I had the opportunity to attend a few events and films at the recent Santa Barbara Film Festival. My friend Rachael, founder/President/superwoman of SBParent.com was a sponsor, so as a friend in good standing, I lucked out. We went to the Virtuoso Award night and sat in the audience listening to Casey Affleck, Amy Ryan, Ellen Page, Marion Cotillard and James McAvoy talk about their roles in this year's hot movies.
Neil and I had planned on attending the screenwriters presentation but unfortunately, the panel (including Juno's Diablo Cody) fell sick and thus had to cancel. Instead of heading home, we ran down State Street just in time to catch the opening of one of The Counterfeiters. The film transported the viewers to Nazi-era Germany. I had planned on analyzing the film for character development, plot lines, etc. but soon forgot my mission. I was completely immersed into the story (almost reluctantly, due to the mere setting). Neil and I walked out of the theater a bit traumatized. Exactly what the director wanted, I'm sure.
A bit later in the week, I hauled my 14 year old son out of school (a first) to see three short films about teenagers. One was a documentary but the other two were shorts. The differences in the two were striking. One told a story simply, without fuss. It was powerful. The other used gimics, had strained dialog and strayed from the story. Although it had a compelling story, the delivery was distracting. Watching these two different styles of film making got me thinking about my own manuscript and novels I love to read.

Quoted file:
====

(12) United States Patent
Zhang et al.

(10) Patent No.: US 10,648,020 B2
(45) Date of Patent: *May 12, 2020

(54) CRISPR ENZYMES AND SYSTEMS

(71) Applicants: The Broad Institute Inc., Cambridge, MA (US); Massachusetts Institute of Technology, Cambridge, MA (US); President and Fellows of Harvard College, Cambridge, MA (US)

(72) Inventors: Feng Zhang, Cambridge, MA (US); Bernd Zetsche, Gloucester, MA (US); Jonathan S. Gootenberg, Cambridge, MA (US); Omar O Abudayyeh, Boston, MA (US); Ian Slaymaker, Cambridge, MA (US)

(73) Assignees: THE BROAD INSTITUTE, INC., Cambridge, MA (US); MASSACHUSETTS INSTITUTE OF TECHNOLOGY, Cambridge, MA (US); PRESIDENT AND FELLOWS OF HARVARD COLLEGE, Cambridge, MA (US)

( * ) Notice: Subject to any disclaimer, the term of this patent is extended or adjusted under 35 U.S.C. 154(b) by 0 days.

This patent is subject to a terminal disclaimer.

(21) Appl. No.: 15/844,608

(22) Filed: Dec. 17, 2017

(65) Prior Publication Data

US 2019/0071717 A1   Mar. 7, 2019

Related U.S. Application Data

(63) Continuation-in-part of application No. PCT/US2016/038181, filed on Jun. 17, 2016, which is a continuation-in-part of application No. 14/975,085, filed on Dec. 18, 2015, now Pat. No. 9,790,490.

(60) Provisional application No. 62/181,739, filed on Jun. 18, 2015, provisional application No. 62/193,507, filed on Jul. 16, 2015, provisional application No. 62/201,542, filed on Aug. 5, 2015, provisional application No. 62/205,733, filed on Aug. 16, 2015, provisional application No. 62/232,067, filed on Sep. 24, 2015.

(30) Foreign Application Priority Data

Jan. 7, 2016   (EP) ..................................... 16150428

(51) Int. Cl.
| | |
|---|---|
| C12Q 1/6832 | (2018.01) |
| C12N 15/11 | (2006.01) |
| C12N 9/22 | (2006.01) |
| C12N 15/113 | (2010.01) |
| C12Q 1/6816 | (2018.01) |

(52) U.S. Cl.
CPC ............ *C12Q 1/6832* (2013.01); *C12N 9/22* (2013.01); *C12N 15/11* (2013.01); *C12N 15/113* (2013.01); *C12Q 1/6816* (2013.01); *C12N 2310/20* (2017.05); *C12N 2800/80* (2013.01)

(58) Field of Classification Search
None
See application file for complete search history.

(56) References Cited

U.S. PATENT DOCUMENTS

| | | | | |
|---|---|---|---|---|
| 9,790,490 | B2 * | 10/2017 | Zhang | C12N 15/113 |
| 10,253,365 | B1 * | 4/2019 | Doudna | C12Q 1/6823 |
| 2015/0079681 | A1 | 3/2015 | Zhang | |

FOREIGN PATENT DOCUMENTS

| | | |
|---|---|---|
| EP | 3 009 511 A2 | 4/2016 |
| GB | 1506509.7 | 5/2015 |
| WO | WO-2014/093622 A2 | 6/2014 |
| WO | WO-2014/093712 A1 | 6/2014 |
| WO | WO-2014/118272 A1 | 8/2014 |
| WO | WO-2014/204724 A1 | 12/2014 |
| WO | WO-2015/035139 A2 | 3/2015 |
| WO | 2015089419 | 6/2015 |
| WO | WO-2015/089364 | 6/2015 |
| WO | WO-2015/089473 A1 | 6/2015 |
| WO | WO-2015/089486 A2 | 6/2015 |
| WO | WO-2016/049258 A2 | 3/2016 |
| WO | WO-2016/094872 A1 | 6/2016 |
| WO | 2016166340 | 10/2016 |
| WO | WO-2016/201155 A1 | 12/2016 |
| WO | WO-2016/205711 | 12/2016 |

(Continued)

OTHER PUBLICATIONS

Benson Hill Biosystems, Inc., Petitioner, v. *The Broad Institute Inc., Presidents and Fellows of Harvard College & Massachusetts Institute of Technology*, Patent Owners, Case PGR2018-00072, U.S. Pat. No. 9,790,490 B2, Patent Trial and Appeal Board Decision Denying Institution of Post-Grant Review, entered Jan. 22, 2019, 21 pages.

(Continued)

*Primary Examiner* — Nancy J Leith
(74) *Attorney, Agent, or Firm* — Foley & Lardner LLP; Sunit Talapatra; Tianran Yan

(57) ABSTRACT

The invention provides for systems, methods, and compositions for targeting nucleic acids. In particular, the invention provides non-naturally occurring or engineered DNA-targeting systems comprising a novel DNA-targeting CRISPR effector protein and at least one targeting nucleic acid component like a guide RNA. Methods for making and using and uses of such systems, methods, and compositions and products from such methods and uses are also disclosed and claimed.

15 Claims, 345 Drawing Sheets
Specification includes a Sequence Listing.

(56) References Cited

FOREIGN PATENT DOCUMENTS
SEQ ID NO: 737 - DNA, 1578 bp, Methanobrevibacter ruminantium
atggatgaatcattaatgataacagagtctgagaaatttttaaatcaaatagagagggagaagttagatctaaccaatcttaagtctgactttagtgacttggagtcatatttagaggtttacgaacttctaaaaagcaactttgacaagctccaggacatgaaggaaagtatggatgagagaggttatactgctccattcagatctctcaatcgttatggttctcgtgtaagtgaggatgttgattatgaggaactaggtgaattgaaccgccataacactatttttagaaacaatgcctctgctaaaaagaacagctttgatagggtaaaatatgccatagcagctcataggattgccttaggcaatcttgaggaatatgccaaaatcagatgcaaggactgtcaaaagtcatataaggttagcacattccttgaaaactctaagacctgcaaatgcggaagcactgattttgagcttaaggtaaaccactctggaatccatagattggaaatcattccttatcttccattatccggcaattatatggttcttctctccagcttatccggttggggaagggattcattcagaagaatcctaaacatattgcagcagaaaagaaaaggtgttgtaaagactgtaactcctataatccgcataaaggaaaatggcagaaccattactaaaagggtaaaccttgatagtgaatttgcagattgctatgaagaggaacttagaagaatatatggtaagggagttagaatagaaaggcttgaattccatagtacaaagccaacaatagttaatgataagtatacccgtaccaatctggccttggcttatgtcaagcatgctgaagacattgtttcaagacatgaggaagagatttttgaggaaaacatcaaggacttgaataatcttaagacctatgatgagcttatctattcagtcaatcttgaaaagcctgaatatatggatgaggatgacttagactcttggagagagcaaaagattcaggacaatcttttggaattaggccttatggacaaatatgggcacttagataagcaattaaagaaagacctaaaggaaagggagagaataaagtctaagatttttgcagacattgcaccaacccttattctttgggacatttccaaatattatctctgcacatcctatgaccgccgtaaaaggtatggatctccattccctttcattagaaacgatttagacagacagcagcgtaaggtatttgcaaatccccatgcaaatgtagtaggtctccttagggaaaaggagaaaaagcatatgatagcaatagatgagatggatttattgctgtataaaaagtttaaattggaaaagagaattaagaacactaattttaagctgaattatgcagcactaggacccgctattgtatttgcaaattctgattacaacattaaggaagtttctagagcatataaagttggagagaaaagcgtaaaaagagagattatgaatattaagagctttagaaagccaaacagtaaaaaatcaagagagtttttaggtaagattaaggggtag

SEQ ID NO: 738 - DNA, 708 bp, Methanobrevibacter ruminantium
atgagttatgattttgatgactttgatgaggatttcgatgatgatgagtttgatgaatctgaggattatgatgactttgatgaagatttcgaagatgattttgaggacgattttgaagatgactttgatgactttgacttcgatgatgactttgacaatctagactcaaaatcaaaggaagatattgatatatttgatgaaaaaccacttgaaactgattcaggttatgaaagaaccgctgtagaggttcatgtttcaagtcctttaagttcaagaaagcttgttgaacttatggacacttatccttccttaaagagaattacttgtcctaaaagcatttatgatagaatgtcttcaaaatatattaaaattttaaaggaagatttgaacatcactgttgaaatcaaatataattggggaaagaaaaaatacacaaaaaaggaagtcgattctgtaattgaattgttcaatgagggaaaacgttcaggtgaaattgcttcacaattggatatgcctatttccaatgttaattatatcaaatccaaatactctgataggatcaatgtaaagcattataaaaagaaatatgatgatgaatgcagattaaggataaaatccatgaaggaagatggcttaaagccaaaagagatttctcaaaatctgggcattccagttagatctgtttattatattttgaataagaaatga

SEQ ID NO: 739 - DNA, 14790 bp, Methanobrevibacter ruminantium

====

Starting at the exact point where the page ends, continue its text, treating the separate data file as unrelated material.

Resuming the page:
The ones I love stick to the story. I don't remember where I heard this recently, but someone said it's only about the story. Period. Even Stephen King spoke about dressing dialogs up too much in his book On Writing. Sometimes I struggle with word choices, dialog and sentence structure. I worry too much whether someone will think the writing good enough. Do I have any cool metaphors? What about interested, non-cliche similes? My book should be packed with these, right? I'm not sure. When I start to worry, my writing becomes worse. Although at the time I think it's wonderful. Usually it all gets deleted in the end.
So from now on, keeping the less than stellar short film in mind, I will now carry forth by using plain, simple, real language. I say it like it's easy. But I'll try.